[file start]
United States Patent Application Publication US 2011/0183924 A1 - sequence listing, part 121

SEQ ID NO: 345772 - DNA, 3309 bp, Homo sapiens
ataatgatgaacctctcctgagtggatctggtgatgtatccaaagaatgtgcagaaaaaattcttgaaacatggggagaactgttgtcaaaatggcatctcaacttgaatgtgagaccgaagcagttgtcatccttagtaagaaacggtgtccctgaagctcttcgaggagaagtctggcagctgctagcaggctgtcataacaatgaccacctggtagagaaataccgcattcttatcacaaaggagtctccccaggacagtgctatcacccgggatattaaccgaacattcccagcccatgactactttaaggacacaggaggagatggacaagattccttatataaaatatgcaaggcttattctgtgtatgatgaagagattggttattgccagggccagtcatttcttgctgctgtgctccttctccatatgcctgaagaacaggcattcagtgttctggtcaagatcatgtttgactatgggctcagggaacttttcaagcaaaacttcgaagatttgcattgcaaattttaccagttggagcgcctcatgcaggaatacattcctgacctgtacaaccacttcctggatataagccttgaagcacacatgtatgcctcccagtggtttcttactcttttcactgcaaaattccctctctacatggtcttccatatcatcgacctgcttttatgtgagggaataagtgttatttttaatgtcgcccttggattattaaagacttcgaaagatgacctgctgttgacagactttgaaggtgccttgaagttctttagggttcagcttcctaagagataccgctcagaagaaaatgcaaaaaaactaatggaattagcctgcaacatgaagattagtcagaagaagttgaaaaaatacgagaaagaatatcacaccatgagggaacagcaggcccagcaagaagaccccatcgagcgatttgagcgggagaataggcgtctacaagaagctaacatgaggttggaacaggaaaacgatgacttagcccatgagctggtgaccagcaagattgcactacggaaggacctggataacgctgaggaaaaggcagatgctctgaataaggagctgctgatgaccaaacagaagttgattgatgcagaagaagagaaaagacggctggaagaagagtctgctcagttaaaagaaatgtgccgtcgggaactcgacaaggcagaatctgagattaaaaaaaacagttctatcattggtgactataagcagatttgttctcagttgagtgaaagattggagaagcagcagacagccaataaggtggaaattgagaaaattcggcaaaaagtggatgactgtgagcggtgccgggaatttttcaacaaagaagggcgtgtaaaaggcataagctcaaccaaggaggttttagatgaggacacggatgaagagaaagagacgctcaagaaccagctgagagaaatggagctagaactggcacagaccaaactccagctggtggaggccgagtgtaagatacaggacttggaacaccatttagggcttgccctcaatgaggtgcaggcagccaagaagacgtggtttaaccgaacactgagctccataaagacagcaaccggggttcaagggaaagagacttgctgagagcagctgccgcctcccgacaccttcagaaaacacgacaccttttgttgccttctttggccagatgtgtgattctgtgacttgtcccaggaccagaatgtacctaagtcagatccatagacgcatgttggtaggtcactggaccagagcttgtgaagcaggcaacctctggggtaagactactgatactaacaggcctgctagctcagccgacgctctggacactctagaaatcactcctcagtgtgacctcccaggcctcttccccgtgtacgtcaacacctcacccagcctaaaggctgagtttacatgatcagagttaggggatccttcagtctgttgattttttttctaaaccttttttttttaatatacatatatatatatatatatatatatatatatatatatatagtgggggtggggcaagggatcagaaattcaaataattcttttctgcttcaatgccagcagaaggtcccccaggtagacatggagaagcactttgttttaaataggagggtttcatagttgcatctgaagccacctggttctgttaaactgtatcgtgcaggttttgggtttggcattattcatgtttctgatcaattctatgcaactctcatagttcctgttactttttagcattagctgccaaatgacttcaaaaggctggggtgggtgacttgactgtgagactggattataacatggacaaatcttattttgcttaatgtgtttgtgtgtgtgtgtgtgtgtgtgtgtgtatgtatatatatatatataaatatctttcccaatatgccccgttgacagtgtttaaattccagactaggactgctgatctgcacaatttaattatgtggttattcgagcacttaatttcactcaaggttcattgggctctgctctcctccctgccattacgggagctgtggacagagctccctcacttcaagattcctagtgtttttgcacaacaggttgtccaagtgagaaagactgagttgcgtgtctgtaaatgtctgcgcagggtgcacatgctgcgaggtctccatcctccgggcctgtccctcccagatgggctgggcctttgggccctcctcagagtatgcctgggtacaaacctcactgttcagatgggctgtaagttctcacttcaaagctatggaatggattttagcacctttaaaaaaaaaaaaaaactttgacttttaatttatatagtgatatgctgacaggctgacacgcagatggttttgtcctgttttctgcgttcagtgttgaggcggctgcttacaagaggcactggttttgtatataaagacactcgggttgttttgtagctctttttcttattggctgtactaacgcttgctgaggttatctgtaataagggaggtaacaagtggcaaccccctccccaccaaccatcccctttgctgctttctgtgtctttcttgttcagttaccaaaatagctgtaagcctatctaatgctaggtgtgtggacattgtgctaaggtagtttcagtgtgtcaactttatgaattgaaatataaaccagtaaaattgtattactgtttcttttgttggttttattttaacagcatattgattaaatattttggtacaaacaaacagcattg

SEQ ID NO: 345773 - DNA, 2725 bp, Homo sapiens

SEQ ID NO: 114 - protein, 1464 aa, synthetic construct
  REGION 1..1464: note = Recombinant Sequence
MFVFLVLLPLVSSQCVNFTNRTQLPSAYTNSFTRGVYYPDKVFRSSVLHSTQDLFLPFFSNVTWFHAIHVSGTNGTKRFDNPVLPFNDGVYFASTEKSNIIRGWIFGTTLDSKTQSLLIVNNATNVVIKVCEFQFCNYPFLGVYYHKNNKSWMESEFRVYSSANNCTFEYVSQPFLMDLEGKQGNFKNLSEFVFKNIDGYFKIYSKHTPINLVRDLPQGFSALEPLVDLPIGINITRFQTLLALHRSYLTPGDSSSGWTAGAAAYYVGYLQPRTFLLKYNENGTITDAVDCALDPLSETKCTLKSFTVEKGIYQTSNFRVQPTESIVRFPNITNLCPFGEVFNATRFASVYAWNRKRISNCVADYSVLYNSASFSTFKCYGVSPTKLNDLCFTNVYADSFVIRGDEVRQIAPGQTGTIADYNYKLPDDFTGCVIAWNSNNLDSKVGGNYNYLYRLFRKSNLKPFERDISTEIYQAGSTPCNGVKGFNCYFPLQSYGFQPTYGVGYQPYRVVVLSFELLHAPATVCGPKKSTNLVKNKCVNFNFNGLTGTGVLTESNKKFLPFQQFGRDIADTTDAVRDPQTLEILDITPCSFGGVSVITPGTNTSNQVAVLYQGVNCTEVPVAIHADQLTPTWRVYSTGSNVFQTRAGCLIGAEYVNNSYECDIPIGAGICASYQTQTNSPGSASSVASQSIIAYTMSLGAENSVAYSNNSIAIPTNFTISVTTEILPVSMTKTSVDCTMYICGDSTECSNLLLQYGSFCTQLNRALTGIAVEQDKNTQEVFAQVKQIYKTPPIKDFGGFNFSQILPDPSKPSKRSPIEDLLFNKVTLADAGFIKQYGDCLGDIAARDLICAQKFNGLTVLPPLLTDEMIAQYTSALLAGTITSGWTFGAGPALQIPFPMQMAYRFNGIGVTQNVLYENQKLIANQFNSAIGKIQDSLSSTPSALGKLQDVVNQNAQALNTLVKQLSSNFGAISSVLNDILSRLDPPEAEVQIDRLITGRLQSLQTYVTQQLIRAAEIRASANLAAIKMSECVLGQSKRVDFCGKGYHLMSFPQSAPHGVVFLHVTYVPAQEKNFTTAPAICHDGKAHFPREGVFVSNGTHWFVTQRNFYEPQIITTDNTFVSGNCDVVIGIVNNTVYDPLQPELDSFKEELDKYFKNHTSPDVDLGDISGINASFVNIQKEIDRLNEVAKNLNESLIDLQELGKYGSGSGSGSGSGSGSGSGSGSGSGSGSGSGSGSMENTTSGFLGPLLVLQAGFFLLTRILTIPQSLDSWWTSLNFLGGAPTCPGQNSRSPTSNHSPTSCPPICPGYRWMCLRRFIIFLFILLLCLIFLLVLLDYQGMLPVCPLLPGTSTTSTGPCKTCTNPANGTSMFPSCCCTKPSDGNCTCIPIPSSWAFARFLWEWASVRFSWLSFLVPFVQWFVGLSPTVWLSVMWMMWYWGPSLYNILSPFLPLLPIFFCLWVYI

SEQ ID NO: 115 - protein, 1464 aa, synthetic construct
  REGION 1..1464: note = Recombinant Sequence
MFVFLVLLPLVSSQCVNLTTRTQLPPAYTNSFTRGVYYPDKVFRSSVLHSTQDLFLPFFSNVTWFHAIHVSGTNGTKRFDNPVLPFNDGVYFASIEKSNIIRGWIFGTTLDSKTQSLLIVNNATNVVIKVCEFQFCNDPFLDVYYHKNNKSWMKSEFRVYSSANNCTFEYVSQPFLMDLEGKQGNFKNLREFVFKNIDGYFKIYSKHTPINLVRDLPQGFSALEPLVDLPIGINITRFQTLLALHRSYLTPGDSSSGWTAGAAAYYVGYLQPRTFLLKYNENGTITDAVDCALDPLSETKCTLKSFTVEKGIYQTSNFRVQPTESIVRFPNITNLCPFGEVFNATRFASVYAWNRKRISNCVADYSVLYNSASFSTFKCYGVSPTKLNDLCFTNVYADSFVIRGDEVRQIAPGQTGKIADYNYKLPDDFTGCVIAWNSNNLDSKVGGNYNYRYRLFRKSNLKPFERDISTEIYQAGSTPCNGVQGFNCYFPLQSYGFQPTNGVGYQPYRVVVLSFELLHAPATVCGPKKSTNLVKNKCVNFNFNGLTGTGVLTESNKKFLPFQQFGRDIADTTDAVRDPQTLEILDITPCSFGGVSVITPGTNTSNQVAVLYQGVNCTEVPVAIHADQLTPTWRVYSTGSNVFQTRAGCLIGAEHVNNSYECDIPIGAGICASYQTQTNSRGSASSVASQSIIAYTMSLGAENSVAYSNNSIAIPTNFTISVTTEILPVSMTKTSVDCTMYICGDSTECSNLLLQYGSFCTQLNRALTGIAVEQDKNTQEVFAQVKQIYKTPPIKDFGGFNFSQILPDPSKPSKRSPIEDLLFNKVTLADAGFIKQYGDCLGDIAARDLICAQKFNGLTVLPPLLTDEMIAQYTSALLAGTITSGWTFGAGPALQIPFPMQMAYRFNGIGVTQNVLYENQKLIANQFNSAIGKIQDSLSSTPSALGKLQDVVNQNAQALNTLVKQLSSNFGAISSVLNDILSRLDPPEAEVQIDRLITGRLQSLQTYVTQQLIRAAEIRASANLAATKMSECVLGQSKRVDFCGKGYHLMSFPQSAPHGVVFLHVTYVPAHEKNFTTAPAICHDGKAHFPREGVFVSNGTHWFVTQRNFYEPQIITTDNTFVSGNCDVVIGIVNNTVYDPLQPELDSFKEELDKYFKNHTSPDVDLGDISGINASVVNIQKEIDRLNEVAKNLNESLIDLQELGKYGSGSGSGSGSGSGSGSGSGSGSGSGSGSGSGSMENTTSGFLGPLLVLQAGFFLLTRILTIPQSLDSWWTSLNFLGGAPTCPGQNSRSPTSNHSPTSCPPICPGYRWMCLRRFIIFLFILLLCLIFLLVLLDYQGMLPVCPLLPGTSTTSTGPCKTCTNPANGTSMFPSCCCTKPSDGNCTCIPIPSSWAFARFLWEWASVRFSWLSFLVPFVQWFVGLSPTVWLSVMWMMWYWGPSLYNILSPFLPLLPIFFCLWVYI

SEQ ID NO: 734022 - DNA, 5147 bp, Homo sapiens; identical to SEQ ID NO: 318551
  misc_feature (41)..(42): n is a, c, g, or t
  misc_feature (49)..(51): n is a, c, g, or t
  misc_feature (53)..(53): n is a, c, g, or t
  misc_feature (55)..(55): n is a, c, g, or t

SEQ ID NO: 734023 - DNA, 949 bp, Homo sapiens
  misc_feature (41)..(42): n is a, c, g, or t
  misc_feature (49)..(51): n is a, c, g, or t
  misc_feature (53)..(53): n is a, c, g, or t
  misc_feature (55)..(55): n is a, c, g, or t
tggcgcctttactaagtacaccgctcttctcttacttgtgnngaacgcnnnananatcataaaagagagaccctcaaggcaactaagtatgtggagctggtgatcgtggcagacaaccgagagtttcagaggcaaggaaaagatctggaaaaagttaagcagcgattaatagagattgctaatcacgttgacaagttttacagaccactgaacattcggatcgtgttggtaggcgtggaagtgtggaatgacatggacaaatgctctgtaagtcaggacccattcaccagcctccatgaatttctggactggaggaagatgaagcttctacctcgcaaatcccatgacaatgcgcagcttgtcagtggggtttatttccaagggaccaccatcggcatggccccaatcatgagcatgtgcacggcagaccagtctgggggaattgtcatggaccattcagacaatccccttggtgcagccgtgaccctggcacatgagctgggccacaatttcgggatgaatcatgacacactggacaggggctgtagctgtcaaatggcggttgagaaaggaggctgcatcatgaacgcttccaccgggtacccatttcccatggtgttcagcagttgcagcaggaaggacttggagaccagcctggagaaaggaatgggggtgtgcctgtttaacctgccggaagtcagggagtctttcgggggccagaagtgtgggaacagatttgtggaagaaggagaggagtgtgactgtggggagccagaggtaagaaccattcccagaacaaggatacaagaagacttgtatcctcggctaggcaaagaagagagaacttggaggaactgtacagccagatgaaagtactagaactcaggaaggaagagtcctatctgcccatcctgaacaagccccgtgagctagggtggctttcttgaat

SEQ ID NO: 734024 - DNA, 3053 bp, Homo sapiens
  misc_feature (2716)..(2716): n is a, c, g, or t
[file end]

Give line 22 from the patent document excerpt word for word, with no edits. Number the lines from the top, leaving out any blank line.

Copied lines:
SEQ ID NO: 734024 - DNA, 3053 bp, Homo sapiens